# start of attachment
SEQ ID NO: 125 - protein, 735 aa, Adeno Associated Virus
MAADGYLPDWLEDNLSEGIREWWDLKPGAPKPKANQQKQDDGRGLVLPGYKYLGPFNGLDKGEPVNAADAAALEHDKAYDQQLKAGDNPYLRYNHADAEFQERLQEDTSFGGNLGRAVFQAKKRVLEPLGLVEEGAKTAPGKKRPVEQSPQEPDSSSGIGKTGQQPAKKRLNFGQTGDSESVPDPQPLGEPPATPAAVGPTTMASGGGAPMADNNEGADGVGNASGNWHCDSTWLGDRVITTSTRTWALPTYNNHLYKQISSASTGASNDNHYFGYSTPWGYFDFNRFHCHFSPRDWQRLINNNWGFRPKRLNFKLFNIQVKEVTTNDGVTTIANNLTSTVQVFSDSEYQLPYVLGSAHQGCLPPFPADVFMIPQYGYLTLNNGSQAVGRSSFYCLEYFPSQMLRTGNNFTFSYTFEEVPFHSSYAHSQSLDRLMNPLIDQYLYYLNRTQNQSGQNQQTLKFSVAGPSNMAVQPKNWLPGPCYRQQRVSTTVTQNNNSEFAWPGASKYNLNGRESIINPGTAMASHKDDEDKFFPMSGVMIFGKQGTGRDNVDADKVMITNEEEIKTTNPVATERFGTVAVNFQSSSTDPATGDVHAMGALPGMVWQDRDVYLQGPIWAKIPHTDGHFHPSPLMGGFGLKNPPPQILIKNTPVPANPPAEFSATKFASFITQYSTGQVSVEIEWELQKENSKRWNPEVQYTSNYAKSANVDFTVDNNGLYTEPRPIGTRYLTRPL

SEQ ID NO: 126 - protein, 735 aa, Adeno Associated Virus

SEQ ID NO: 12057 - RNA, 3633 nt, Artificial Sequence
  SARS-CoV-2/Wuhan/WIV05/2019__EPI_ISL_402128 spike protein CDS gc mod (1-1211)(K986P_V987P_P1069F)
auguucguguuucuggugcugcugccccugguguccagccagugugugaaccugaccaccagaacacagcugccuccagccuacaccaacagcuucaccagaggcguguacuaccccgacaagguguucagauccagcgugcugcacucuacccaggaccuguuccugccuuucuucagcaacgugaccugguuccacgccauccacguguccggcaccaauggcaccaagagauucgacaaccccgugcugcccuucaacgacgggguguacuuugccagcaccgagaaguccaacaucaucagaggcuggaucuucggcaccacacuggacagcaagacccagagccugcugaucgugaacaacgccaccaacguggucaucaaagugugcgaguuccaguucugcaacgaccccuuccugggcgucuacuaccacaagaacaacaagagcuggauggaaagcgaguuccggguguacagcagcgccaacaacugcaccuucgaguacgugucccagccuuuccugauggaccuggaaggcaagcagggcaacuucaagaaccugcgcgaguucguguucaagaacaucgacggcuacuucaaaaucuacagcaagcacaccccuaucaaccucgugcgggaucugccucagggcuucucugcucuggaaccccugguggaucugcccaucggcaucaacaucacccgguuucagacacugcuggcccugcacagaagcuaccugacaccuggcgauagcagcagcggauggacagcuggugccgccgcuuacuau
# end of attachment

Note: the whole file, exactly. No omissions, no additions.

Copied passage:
SEQ ID NO: 125 - protein, 735 aa, Adeno Associated Virus
MAADGYLPDWLEDNLSEGIREWWDLKPGAPKPKANQQKQDDGRGLVLPGYKYLGPFNGLDKGEPVNAADAAALEHDKAYDQQLKAGDNPYLRYNHADAEFQERLQEDTSFGGNLGRAVFQAKKRVLEPLGLVEEGAKTAPGKKRPVEQSPQEPDSSSGIGKTGQQPAKKRLNFGQTGDSESVPDPQPLGEPPATPAAVGPTTMASGGGAPMADNNEGADGVGNASGNWHCDSTWLGDRVITTSTRTWALPTYNNHLYKQISSASTGASNDNHYFGYSTPWGYFDFNRFHCHFSPRDWQRLINNNWGFRPKRLNFKLFNIQVKEVTTNDGVTTIANNLTSTVQVFSDSEYQLPYVLGSAHQGCLPPFPADVFMIPQYGYLTLNNGSQAVGRSSFYCLEYFPSQMLRTGNNFTFSYTFEEVPFHSSYAHSQSLDRLMNPLIDQYLYYLNRTQNQSGQNQQTLKFSVAGPSNMAVQPKNWLPGPCYRQQRVSTTVTQNNNSEFAWPGASKYNLNGRESIINPGTAMASHKDDEDKFFPMSGVMIFGKQGTGRDNVDADKVMITNEEEIKTTNPVATERFGTVAVNFQSSSTDPATGDVHAMGALPGMVWQDRDVYLQGPIWAKIPHTDGHFHPSPLMGGFGLKNPPPQILIKNTPVPANPPAEFSATKFASFITQYSTGQVSVEIEWELQKENSKRWNPEVQYTSNYAKSANVDFTVDNNGLYTEPRPIGTRYLTRPL

SEQ ID NO: 126 - protein, 735 aa, Adeno Associated Virus

SEQ ID NO: 12057 - RNA, 3633 nt, Artificial Sequence
  SARS-CoV-2/Wuhan/WIV05/2019__EPI_ISL_402128 spike protein CDS gc mod (1-1211)(K986P_V987P_P1069F)
auguucguguuucuggugcugcugccccugguguccagccagugugugaaccugaccaccagaacacagcugccuccagccuacaccaacagcuucaccagaggcguguacuaccccgacaagguguucagauccagcgugcugcacucuacccaggaccuguuccugccuuucuucagcaacgugaccugguuccacgccauccacguguccggcaccaauggcaccaagagauucgacaaccccgugcugcccuucaacgacgggguguacuuugccagcaccgagaaguccaacaucaucagaggcuggaucuucggcaccacacuggacagcaagacccagagccugcugaucgugaacaacgccaccaacguggucaucaaagugugcgaguuccaguucugcaacgaccccuuccugggcgucuacuaccacaagaacaacaagagcuggauggaaagcgaguuccggguguacagcagcgccaacaacugcaccuucgaguacgugucccagccuuuccugauggaccuggaaggcaagcagggcaacuucaagaaccugcgcgaguucguguucaagaacaucgacggcuacuucaaaaucuacagcaagcacaccccuaucaaccucgugcgggaucugccucagggcuucucugcucuggaaccccugguggaucugcccaucggcaucaacaucacccgguuucagacacugcuggcccugcacagaagcuaccugacaccuggcgauagcagcagcggauggacagcuggugccgccgcuuacuau